The Vice-Chancellor of Otago University, Dr Graeme Fogelberg has written to the Minister of Health, Hon. Annette King, warning that the disparities between university-level pay and hospital rates have been causing a recruitment and retention "crisis" at the university. He told the university's finance and budget committee he understood "top flight" Auckland hospital pathologists were paid about $260,000, whereas the combined payment a university pathologist could expect was about $100,000 below that. He said this explained why there had been delays in appointing a replacement pathology professor at its Christchurch School of Medicine. University salaries had failed to keep pace with other sectors over the past five years, and the weak state of the dollar also posed problems for overseas recruitment. He indicated that medicine was not the only discipline facing recruitment problems. Two attempts to fill the post of the Donald Collie Professor of English had failed. Meanwhile, Dr Fogelberg and the Chair of the New Zealand Vice-Chancellors' Committee, Professor James McWha, are seeking a meeting with senior government ministers to discuss the funding problems, but as yet no date has been set for the meeting. “Tertiary Update” is pleased that the Vice-Chancellor has finally recognised the problem and seems intent on doing something about it. AUS has been raising this problem for many years and, in the last 3 years in particular, has identified a potential crisis in medical teaching and research in our medical schools.

The summary of the "Shaping the System" report has now been issued in the Maori language. It can be viewed at

It has been revealed that Aoraki Polytechnic paid former naturopathy students $515,000 in settlement of a dispute over the standing of their course. Thirty-six students took a case against the Polytechnic in 1999 after the New Zealand Qualifications Authority rejected the course on all but two of the 19 criteria. The students said they had been led to believe they would receive a Bachelor of Applied Science in naturopathy at the end of their three years of study. Details of the previously secret settlement were made public after an investigation by the Chief Ombudsman. Incidentally, AUS actively campaigned at the time against naturopathy being taught as an Applied Science degree.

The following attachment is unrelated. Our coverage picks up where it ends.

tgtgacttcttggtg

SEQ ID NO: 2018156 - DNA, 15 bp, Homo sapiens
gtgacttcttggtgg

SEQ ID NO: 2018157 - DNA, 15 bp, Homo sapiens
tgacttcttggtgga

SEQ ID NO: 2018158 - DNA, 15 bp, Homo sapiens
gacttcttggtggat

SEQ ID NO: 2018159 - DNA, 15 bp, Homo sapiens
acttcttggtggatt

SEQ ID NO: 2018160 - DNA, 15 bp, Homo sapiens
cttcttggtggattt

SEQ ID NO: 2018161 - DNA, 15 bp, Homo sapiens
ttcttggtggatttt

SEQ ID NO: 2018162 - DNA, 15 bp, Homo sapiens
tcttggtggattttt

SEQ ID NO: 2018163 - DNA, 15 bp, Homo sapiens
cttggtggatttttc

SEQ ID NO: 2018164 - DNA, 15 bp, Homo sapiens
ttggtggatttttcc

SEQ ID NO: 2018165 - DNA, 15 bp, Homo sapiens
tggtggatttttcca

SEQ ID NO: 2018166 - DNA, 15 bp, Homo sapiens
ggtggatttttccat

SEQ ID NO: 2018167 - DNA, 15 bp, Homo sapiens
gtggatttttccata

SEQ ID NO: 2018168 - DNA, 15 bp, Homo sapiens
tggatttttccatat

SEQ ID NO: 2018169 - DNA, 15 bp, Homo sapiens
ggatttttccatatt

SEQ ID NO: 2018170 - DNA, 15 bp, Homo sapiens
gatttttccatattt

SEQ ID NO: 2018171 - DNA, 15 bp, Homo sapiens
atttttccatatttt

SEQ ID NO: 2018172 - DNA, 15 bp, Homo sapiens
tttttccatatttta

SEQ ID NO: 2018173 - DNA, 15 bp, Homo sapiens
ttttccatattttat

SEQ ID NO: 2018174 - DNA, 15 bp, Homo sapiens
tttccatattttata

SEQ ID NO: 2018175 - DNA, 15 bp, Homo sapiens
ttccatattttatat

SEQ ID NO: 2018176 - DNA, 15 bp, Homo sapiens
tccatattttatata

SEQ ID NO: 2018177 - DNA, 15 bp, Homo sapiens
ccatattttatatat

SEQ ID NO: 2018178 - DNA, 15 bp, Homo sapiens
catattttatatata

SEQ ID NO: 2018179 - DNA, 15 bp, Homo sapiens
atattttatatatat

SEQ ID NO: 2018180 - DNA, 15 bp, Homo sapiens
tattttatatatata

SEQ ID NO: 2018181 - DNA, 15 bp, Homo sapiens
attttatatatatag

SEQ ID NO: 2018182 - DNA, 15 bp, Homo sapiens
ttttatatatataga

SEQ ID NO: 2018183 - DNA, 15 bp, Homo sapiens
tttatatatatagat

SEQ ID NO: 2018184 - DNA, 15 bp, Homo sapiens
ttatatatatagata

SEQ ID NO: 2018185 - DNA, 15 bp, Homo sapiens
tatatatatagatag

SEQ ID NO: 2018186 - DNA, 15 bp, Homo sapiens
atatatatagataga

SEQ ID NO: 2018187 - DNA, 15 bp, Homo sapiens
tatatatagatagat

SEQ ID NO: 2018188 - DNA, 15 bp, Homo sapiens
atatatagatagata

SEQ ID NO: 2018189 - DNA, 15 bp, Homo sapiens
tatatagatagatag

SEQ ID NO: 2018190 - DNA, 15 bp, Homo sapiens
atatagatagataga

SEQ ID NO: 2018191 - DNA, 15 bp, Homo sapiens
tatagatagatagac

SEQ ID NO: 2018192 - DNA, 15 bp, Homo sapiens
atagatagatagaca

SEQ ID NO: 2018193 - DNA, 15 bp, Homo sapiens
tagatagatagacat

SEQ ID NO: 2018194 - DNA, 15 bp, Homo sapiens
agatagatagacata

The Canadian government has given notice that it will aggressively promote the export of educational services in the upcoming negotiations under the General Agreement on Trade in Services (GATS). The Trade Minister, Pierre Pettigrew said the government would "work hard to increase export opportunities for Canadian health and educational services", while at the same time protecting its domestic public services from access by foreign firms. The President of the Canadian Association of University Teachers (CAUT), Tom Booth suggests the government is "naïve" to think it can win access to foreign education markets while keeping up barriers to its own education market.

Australian universities have begun checks on 'soft marking' after concerns were raised by the Senate inquiry into public universities which began hearings last week. New South Wales and Curtin Universities have set up formal inquiries to see if the fears that inappropriate high marks are being given, or existing marks are being upgraded without adequate grounds, have substance. Deakin and Wollongong have begun informal checks through deans, and vice-chancellors at Murdoch, Sydney and New England have called for anyone with information about soft marking to come forward. To date they have had no response.

The outbreak of foot-and-mouth disease in Europe has upset study-abroad programmes for students at several American universities. Michigan State University has cancelled a summer programme in the UK and Ireland for 30 agriculture students and faculty. It has also recalled a student who was on an exchange to the Greenmount College of Agriculture and Horticulture in Northern Ireland – where the disease was detected among campus animals. Purdue University has cancelled two of its students' summer farm stays in Ireland and the University of Wisconsin has begun to limit foreign visitors to its College of Agriculture, turning away a group of 50 German farmers.
AUS Tertiary Update is produced weekly on Thursdays and distributed freely to members of the union and others. Back issues are archived on the AUS website: